A BWCA Glossary

A large lake in the heart of the BWCAW. Probably from the Ojibwe Ogishkimanissi - kingfisher; Okishkimonisse, fisher (bird).
Poor in nutrients.
The native peoples of the region. Also known as Chippewa. Known to themselves as Anishinabe
A lake. Name derivation unknown.
Old Growth
A mature forest which has not been disturbed by human activity. Also known as virgin forest. An increasingly rare, and increasingly valued, element of the wilderness. The lumbermen see it as something else, as evidenced in this not-so-subtle definition from an industry web site: Old Growth Forest: Forest stands in which the dominant cover types are mature or over-mature trees that have reached their maximum size. No harvest has occurred among these large, old trees and dead and fallen trees are as common as standing trees.
Old Pines Trail
This trail leaves the Snowbank Trail just north of Becoosin Lake. The highlight of this trail is (or, at least, was prior to the Fourth of July Blowdown of 1999) the stand of large, virgin White Pine (Pinus strobus), most of which are well over 300 years old. From the pine stand, the trail swings north to Alworth Lake and then back near Disappointment Mountain, then between Disappointment and Absub and eventually back to the Snowbank trail near the Boot Lake portage. The Benezie Loop swings south from the Old Pines Trail to Becoosin and Benezie Lakes. The Old Pines Trail has several scenic overlooks along the way. This trail is within BWCA.

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Olson, Sigurd
Author, teacher, and perhaps the most influential conservationist of and for the North Country (1899-1982). His nine books on the Superior/Quetico and the Canadian north are still widely read: The Singing Wilderness, 1956; Listening Point; 1958; The Lonely Land, 1961; Runes of the North, 1963; Open Horizons, 1969; The Hidden Forest, 1969; Wilderness Days, 1972; Reflections From the North Country, 1976; Of Time and Place, 1982. Most are republished by the University of Minnesota Press and would make an excellent choice for pack along reading material.
A small lake in the lower Kawishiwi River drainage. Name derivation unknown.
Deriving minerals solely from the atmosphere. A characteristic of acid bogs.
An animal whose diet consists of a mixture of plants and animals. The preeminent omnivore of the North Woods is, of course, the Black Bear (Ursus americanus), with honorable mention going to ourselves (Homo sapiens). From the Latin, omni, "all". and vorare, "to swallow."
Canadian Province which shares the international boundary waters with Minnesota. Home to Quetico Provincial Park.
Any of the many species of the family Orchidaceae, one of the most diverse of North Country plant families, represented in the Boundary Waters by some 32 species in 14 genera, some rare but others quite common.
A lake in the Trout Lake region in the southwestern BWCAW. Name derivation unknown.
The scientific study of the birds. The Minnesota Ornithologists Union gathers together professional and amateur ornithologists alike and produces much useful information on birds in the North Country.
In geological history, a period of building up resulting from movements in the earth’s crust; creates folding, faulting, and intrusions such as batholiths (domes), dikes (vertical), and sills (horizontal).
The Saxon god Osmunder the Waterman, Saxon equivalent of the Norse god Thor, hid his family from danger in a clump of ferns and so gave his name to the genus Osmunda, the flowering ferns. Three Northwoods ferns bear his name, the Cinnamon Fern (Osmunda cinnamomea), Interrupted Fern (Osmunda claytonia), and Royal Fern (Osmunda regalis).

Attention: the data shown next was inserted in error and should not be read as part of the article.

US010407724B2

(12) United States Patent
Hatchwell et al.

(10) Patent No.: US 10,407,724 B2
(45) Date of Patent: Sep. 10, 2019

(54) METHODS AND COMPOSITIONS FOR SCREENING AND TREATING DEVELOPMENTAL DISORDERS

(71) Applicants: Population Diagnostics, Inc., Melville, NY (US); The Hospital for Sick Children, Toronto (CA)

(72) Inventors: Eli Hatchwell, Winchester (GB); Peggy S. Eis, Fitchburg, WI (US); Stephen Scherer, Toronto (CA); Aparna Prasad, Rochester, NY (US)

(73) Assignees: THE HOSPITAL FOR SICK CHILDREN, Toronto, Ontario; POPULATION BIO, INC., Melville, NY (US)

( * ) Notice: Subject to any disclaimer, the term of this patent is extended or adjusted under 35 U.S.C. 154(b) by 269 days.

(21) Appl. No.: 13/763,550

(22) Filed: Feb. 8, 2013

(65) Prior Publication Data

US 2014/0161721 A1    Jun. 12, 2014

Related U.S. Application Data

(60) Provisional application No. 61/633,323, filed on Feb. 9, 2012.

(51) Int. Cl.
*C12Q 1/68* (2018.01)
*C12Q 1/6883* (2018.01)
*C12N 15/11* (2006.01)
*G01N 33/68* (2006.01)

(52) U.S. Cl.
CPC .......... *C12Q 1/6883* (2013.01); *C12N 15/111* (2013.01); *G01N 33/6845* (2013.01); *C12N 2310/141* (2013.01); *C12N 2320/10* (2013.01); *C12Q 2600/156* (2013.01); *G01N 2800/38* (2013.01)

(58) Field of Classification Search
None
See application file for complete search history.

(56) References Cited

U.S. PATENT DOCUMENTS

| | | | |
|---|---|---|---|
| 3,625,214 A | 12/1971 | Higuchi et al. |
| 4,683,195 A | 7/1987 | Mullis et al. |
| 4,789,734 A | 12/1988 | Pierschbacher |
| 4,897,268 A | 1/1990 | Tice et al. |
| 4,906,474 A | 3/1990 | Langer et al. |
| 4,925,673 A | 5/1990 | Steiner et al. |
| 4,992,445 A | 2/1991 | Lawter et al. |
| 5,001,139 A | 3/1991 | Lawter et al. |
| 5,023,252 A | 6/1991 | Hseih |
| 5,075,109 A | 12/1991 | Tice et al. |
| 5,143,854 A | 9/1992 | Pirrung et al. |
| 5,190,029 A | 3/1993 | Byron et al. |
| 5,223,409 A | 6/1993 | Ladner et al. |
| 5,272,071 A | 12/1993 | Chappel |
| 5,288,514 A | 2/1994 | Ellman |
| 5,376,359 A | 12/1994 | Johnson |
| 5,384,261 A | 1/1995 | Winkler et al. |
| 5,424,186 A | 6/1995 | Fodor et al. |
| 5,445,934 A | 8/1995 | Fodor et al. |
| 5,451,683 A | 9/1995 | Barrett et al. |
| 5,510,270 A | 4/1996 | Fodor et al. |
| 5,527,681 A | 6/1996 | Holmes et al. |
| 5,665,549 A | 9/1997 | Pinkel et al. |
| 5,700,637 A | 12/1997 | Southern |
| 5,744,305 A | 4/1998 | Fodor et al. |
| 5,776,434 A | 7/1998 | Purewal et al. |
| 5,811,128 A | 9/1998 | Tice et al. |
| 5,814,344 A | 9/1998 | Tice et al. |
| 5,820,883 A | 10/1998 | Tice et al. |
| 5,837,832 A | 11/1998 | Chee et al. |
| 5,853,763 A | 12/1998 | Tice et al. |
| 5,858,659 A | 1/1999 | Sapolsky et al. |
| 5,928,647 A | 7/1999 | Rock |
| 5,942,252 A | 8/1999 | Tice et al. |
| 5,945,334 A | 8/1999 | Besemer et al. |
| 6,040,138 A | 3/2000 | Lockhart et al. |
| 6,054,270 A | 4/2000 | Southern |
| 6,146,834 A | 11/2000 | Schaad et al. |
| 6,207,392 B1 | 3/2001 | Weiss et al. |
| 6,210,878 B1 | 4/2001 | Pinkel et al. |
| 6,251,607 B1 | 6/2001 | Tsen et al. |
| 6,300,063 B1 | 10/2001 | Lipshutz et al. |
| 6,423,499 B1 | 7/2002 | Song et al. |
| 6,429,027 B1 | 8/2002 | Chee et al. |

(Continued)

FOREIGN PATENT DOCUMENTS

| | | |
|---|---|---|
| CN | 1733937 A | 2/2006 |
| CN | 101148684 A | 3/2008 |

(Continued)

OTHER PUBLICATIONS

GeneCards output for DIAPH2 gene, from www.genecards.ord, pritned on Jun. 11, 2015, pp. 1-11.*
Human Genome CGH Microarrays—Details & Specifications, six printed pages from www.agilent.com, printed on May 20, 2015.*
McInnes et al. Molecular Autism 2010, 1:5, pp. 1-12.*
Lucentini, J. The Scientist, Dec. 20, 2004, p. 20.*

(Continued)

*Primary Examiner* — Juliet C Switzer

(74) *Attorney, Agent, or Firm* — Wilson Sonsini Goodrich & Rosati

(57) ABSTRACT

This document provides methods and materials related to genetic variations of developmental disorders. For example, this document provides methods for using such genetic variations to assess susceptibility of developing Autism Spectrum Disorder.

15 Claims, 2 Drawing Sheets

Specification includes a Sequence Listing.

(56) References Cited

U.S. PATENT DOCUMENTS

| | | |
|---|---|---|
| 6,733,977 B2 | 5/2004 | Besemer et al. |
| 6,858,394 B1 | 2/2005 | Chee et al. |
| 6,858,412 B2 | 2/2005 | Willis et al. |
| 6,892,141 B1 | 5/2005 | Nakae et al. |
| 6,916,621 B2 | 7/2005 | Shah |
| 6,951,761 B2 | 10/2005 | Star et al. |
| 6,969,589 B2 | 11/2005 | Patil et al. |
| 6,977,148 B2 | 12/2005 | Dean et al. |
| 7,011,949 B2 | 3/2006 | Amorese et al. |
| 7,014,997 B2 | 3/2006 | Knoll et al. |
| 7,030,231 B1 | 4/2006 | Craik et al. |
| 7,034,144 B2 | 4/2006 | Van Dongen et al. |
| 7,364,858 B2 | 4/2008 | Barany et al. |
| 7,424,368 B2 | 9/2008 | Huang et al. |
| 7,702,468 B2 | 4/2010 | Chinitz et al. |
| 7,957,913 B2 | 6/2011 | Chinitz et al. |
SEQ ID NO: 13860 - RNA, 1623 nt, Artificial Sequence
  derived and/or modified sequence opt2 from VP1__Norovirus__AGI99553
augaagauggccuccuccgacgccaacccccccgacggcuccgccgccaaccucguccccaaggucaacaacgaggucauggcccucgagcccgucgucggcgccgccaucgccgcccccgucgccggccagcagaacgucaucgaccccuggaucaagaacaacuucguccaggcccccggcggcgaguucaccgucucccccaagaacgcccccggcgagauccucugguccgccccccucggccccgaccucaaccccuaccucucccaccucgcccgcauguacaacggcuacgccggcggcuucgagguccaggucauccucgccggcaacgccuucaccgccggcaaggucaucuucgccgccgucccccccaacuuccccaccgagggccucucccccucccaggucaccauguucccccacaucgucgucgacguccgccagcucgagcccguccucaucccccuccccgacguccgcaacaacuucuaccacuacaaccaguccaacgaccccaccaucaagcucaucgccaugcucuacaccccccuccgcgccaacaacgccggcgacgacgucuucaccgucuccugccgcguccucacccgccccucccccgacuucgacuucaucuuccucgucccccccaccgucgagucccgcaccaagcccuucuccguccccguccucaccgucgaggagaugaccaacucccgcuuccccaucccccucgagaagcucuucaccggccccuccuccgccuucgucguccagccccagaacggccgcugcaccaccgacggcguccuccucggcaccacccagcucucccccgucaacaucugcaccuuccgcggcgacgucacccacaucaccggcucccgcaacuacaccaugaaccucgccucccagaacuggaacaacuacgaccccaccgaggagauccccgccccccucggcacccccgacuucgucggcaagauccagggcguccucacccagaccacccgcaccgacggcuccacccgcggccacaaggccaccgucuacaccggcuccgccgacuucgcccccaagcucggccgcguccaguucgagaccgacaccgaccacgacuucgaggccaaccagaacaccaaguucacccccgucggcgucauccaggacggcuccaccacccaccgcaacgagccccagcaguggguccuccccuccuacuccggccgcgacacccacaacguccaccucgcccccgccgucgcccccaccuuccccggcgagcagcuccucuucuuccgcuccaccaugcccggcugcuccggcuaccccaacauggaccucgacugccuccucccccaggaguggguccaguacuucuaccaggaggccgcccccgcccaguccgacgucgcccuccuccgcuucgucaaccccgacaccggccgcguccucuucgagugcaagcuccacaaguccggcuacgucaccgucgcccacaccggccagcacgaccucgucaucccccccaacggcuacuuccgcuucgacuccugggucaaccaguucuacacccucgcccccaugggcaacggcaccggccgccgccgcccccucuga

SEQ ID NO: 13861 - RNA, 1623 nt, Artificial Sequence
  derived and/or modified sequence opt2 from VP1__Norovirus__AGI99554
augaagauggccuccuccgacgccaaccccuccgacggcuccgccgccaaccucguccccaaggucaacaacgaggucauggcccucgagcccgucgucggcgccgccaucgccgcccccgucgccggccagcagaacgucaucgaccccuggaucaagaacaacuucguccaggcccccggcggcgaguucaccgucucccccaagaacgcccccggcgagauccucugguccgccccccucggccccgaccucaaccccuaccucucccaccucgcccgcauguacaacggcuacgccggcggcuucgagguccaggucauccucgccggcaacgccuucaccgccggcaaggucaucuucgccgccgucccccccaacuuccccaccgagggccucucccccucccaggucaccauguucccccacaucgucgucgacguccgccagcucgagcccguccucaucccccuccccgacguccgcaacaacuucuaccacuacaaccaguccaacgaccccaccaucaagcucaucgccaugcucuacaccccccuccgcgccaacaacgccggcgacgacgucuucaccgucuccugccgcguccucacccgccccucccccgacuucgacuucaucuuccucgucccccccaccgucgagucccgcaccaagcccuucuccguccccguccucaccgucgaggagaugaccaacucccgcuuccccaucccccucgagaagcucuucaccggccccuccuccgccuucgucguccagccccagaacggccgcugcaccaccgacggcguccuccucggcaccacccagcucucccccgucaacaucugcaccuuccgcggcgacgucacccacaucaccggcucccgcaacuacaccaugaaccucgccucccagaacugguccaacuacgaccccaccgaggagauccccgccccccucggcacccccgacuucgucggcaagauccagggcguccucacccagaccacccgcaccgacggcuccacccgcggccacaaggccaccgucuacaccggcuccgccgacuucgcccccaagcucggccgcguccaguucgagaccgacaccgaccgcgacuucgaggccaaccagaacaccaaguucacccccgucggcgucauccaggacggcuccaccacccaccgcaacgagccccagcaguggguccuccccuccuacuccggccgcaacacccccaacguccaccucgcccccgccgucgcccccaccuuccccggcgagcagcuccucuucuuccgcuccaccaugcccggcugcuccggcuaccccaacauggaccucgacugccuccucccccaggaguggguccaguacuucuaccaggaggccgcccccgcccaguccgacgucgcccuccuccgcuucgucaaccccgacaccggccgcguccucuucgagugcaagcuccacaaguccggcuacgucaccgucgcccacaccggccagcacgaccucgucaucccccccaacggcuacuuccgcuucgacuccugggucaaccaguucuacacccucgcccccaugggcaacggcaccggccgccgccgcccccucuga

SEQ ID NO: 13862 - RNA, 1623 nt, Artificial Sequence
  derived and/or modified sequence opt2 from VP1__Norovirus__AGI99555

The fish-eating hawk of lakes and other open water. Sole member of the genus Pandion and of the family Pandionidæ (hence, a monotypic family). Near global in distribution and quite common in Canoe Country, where it can be seen soaring on crooked wing, or diving into the water for fish. From the Latin, ossifraga, "bone breaker", applied by Pliny and others to the Langermeyer, only later to the osprey.
Any of several large, aquatic, and generally playful weasels. Represented in the North Country by the River Otter (Lutra canadensis). Nigig in the Ojibwe.
Drift carried away from the retreating glacier by meltwater. As the speed of the water slows, materials drop out in relation to their size. This creates a natural sorting of the material by size with the largest pieces closest to the face of the ice and the smallest at the greatest distance.
A commercial term used to identify the point at which timber has begun to lessen in commercial value because of size, age, decay, or other factors. Many trees in a virgin or old growth stand are overmature and are dying of old age. This is quite natural and provides essential habitat for many species. Drives the lumbermen crazy.
The tree layer of foliage in a forest where tall mature trees rise above the shorter immature understory trees. Also known as the canopy.
The extended, egg-laying apparatus of a female insect. Often mistakenly seen as a "stinger." (Hint: the longer and nastier it looks, the less likely it is a stinger.)
Any of the chiefly nocturnal birds of prey of the family Strigidæ. Very well represented in the North Country by four resident species, the Barred (Strix varia), Boreal (Aegolius funereus), Great Grey (Strix nebulosa), and Great Horned Owl (Bubo virginianus); two summer migrants, the Long Eared Owl (Asio otus) and Northern Saw Whet Owl (Aegolius acadicus); and two winter visitors from yet farther north, the Snowy Owl (Nyctea scandiaca) of the tundra and the boreal Northern Hawk Owl (Surnia ulula). The Boreal, Great Grey, Snowy, and Northern Hawk owls are all considered prized nothern specialties by American birders. Kâkoko in the Ojibwe.
A lake. Name derivation unknown.
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Last Updated on 11 April, 2004